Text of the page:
HOLLYWOOD, Md. (Oct. 20, 2017)—Four commissioners voted Tuesday, Oct. 3, to move the county's jail project out to 2020 and work towards getting state funding once it is available rather than seeking to forward fund the project and hope for state support.
Commissioner John O'Connor voted against the measure, stating that much needed expansion and renovation was needed sooner rather than later.
He advised that the county should try to appeal the state's rules for getting funding—the state decided that the jail project, while critical, did not meet immediate funding criteria because its design was still under review—and try to get a commitment from the state for construction funds.
"Right now we're looking at going out to 2020," O'Connor said. "With this we have no options.
"I'm looking to create options."
Sheriff Timothy K. Cameron concurred with O'Connor's proposal because it would "communicate we're serious" to the state.
"I think it puts us where we need to be," Cameron said.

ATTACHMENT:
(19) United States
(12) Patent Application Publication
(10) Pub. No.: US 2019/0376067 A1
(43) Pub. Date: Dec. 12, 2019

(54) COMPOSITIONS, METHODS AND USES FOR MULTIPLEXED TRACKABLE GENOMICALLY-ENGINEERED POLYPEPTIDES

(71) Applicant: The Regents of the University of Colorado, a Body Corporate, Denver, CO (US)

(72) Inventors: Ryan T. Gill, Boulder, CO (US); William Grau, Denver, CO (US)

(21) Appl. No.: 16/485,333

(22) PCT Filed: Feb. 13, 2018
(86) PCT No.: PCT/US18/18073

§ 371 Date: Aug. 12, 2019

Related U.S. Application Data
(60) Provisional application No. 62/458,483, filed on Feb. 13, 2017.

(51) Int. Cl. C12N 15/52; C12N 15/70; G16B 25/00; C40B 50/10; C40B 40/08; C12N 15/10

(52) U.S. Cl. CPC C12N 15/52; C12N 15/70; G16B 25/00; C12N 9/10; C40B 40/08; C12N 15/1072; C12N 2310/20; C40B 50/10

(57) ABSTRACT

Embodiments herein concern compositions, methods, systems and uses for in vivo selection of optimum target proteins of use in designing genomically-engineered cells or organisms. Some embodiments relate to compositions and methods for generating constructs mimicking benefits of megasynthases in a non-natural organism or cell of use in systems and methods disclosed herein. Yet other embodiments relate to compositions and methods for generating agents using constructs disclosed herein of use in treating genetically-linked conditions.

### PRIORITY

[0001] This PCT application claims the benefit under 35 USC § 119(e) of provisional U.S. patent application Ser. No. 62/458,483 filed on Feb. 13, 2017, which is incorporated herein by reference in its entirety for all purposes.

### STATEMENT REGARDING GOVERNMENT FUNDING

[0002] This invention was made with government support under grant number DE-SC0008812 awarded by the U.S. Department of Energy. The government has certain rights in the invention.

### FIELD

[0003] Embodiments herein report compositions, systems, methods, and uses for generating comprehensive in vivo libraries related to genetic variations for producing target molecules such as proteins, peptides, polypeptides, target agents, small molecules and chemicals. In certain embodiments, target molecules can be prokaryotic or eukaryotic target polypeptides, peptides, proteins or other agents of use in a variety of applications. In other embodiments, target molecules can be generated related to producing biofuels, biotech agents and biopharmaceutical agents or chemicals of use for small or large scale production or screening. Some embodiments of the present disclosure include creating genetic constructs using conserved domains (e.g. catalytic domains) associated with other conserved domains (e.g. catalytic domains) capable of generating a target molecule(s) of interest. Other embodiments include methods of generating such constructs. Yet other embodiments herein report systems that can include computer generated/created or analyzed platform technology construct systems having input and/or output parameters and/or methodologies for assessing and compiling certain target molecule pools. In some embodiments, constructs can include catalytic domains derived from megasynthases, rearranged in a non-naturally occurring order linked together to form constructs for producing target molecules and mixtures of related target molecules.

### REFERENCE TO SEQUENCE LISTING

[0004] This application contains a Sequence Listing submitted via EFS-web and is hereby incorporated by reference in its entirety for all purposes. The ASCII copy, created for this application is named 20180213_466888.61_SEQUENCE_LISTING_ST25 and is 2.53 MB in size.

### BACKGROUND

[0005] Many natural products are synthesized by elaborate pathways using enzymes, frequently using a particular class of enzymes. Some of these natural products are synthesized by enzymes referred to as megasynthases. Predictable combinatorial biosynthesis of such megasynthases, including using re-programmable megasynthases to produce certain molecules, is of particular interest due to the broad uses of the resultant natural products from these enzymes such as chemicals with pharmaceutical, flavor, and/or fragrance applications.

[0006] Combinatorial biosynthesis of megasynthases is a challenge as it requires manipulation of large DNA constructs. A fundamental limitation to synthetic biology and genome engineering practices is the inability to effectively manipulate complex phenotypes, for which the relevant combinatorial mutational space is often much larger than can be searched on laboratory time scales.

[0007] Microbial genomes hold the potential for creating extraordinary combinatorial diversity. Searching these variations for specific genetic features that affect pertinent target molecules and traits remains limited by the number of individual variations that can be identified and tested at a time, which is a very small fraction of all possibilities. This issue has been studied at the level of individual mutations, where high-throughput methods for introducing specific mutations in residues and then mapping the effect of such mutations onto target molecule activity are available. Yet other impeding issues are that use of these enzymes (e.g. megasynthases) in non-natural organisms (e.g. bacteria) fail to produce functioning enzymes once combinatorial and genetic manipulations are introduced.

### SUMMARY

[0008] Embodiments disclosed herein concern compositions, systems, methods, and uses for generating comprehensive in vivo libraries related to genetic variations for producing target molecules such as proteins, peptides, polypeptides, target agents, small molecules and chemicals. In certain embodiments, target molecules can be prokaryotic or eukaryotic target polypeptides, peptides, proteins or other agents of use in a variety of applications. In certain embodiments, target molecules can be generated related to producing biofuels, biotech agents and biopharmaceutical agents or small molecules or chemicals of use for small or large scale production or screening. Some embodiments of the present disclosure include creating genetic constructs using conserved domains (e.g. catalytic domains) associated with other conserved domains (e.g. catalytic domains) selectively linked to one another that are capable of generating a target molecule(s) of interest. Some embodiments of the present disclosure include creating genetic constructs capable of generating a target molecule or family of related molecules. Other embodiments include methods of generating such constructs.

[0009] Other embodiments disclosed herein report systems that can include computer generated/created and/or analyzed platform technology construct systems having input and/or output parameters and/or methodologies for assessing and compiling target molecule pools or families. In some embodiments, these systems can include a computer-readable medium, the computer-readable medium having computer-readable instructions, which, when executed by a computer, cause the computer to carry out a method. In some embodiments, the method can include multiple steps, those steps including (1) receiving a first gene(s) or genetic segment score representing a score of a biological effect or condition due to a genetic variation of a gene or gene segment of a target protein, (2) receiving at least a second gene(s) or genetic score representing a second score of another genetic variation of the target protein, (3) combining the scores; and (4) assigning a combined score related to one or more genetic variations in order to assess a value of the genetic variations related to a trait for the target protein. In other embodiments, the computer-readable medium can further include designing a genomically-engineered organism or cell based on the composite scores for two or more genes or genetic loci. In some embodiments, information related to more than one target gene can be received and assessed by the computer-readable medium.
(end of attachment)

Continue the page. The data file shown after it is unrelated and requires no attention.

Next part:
O'Connor cautioned that waiting so long for state funding would "push it farther down the road."
There are two phases to the adult detention center project, the first is to build new space to accept more inmates, including a wing for females which would allow for "swing space" to house inmates so the second phase could begin.
The final phase would include significant renovation of the existing jail space to improve security as well as creature comforts such as heating and air conditioning for both inmates and corrections officers.
The entire project is budgeted at $25.3 million with the county providing $15 million and the state, elected officials hope, providing about $10 million.
Commissioner Tom Jarboe said the idea of appealing to the state, which would likely end with them asking the county to forward fund the project, could mean they would try to leave the entire bill to local government.
"It's too high a risk to consider forward funding," Jarboe said.
Commissioner President James "Randy" Guy said he did not believe state elected officials would be much help in securing funding for the jail next legislative session.
"I don't have much faith in our delegation to give us the bonding authority next year," Guy said.
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